By Edwin Duodu – Sports Editor
The excitement of a professional sports game is like no other. The back and forth action in an NBA game, the cracking of football pads on the field, and the slow but rewarding buildup of the anticipation of a goal scored in a European football match. These components are all important to each of their own sports. However, any professional athlete will tell you that fans and supporters play a large role in creating the atmosphere for each game. Unfortunately, for the sake of vying for a restart of sports, which proved successful, prompted the having of no fans in the stadiums. With the NFL and Premier League starting new seasons, could we see a possible return of fans in the stadiums again?
Once the Coronavirus broke out, European football struggled to find an answer for a restart of sports. A couple of weeks passed until the Premier League decided on a plan to bring back European football without fans in attendance. For professional European players to get tested, and then the likes of fans getting tested as well would surely prove to be a difficult task to handle. The stadiums for these matches hold thousands of people in it and even less than 50% is still a huge number of attendees. Testing everyone not only takes time but would definitely be hard week in and week out. On the other hand, the atmosphere of a European football game in Europe is arguably like none other.
The main difference between European football and other notable sports is the supporting cast that follows a team everywhere it goes. Usually when a team has home-court advantage in a basketball game, for example, most of the fans there are in support of the local team. For European football, it’s a little bit different. In these matches, fans are able to travel to opponent stadiums in support of their teams. This is what makes the fan base of a team so crucial in big games. If an away team is finding a way to win against the home team, not only is the momentum shifting within the game, but the noise level is shifting as well too. The away fans start getting louder, while the home fan’s noise levels decrease, thus playing an important role in a team’s success that day. Alas, the feeling of support of the fans was no longer there, once European football matches resumed. This meant that a team would have to win solely on its gameplan and talent, with the latter having the potential to be covered up based on the crowd noise of the home team. Once Premier League matches resumed on June 17, teams went a combined 42 wins, 20 draws, and 29 loses at home, so it’s obvious that teams started to struggle once there was no support behind them.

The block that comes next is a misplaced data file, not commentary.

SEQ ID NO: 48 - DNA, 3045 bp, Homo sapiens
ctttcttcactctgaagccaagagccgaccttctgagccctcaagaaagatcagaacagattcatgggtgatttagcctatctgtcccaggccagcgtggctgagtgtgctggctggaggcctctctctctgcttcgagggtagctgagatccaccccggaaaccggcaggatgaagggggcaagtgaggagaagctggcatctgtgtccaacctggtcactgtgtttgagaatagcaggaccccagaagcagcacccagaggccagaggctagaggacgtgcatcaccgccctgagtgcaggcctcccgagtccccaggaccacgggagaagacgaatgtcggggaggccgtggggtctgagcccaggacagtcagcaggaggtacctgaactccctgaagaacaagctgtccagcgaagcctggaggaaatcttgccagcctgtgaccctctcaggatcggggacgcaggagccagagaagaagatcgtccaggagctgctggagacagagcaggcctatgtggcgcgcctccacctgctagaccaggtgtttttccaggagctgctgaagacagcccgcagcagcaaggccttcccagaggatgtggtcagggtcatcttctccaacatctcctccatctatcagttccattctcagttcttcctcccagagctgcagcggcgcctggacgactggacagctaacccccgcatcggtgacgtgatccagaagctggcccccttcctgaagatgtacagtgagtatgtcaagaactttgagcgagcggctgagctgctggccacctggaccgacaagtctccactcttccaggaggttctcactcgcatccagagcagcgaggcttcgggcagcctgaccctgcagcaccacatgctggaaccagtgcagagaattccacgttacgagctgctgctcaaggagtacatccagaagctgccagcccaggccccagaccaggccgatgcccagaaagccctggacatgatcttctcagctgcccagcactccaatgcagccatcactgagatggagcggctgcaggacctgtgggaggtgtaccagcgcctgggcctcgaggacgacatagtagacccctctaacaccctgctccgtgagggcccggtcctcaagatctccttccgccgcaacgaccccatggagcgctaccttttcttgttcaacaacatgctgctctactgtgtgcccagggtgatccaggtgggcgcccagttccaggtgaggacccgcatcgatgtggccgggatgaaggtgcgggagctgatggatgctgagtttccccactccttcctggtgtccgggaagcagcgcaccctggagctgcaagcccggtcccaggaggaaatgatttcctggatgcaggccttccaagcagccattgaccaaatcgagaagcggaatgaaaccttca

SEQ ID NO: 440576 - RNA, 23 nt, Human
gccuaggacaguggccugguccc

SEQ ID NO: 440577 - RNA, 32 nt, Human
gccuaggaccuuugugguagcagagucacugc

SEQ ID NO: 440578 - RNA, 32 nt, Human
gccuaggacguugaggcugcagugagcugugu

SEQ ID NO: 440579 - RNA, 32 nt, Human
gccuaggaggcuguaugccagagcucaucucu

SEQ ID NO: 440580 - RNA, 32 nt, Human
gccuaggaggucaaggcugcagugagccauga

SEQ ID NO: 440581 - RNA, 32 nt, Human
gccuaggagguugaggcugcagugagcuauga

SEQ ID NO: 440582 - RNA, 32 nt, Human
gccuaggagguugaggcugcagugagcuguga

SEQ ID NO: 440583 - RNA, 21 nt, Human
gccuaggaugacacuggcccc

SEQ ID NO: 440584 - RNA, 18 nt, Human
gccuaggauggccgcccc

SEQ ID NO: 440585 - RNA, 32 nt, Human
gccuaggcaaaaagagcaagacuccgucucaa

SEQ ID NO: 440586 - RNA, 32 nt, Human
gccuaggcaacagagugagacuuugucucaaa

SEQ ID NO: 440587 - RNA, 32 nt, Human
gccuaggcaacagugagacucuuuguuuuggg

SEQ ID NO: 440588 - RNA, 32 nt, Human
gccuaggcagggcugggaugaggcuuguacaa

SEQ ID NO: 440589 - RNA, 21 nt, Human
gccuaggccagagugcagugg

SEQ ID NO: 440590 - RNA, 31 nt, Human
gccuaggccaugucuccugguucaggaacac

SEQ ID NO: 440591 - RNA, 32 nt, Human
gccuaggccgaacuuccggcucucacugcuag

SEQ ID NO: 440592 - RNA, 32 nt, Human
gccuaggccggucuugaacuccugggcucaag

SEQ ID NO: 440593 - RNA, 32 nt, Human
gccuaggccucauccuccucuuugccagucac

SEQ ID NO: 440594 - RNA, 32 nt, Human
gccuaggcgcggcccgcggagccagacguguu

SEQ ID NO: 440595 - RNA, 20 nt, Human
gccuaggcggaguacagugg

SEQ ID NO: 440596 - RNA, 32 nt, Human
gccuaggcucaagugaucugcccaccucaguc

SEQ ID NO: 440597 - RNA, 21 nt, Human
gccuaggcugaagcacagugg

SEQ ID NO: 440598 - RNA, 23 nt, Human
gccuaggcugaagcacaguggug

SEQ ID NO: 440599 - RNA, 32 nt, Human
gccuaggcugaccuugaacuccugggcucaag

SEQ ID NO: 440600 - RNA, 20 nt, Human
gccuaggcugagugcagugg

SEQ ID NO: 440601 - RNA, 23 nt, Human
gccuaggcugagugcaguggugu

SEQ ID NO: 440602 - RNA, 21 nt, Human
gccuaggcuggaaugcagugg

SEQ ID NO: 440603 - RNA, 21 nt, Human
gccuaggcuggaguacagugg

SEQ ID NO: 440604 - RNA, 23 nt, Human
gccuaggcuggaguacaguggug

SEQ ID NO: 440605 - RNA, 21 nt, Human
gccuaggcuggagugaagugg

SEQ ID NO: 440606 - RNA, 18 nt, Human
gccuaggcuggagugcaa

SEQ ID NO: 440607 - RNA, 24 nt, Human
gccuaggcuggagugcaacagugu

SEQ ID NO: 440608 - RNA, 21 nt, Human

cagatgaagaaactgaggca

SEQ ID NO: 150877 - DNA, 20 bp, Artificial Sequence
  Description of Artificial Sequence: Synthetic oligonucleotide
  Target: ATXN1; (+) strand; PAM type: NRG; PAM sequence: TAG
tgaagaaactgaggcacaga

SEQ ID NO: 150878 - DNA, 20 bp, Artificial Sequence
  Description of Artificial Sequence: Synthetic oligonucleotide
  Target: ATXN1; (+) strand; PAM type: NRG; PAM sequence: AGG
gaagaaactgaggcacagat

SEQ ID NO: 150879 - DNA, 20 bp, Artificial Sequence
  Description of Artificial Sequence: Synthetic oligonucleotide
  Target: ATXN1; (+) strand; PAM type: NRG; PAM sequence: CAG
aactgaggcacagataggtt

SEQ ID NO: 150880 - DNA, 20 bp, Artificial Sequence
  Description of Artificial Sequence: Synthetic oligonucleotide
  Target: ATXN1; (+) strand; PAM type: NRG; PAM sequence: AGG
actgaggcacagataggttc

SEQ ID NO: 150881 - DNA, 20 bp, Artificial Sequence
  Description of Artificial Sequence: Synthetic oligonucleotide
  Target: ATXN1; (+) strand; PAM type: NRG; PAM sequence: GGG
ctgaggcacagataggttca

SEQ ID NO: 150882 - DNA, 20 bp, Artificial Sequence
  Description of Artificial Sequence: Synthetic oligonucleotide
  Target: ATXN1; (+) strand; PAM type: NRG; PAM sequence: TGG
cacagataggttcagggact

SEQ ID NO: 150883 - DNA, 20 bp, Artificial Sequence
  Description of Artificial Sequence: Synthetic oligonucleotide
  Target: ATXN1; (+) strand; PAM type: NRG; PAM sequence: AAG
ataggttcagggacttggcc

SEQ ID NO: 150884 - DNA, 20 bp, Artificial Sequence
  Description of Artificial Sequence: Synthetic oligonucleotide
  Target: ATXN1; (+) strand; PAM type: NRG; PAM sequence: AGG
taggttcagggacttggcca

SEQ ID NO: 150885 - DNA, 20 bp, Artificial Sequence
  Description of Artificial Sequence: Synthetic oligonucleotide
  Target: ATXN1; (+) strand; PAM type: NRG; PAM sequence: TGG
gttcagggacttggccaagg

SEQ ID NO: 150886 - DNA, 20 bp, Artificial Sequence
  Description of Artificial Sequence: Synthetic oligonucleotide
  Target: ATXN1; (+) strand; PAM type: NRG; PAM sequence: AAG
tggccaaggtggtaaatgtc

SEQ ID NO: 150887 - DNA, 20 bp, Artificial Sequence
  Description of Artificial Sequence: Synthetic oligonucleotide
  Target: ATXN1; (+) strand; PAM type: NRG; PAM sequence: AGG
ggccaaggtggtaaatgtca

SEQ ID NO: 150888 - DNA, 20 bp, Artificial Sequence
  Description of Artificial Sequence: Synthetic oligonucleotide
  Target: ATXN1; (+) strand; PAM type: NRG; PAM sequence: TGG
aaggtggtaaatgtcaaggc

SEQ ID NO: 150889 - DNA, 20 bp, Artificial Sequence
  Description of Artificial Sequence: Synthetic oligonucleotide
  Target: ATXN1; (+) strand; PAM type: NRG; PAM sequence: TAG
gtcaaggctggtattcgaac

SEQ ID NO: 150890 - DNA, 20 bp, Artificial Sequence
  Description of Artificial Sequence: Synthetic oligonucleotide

“Premier League clubs have urged the government to remain committed to the scheduled controlled return of fans on October 1,” according to Sky Sports.
The return of fans in European football matches is imminent but in the United States, positive signs seem to slowly be taking place within the NFL season. Guidelines for every state varies, but some teams in the NFL have allowed their fans to return to stadiums, with the Cleveland Browns, for example, hosting about 6,000 fans during their Week 2 matchup against the Cincinnati Bengals. This is not the case for every team, with some not allowing the attendance of fans. Multiple factors are taken into consideration, most importantly the stadium’s capacity, which determines the percentage of fans that would be permitted in the first place. This could, however, prove as an issue for teams who are unable to grant access to their own crowds, while also having to deal with fans in opposing stadiums. Pretty rough if you ask me.
Nevertheless, this is still going in the right direction, because sooner or later all teams will be able to have some sort of support during the NFL season. Circumstances are much easier compared to the NBA bubble, where family members of the players were only recently able to attend games while social distancing. If you’re a fan who’s been dying to get back to cheering on your team physically, the wait might not be as long as you think.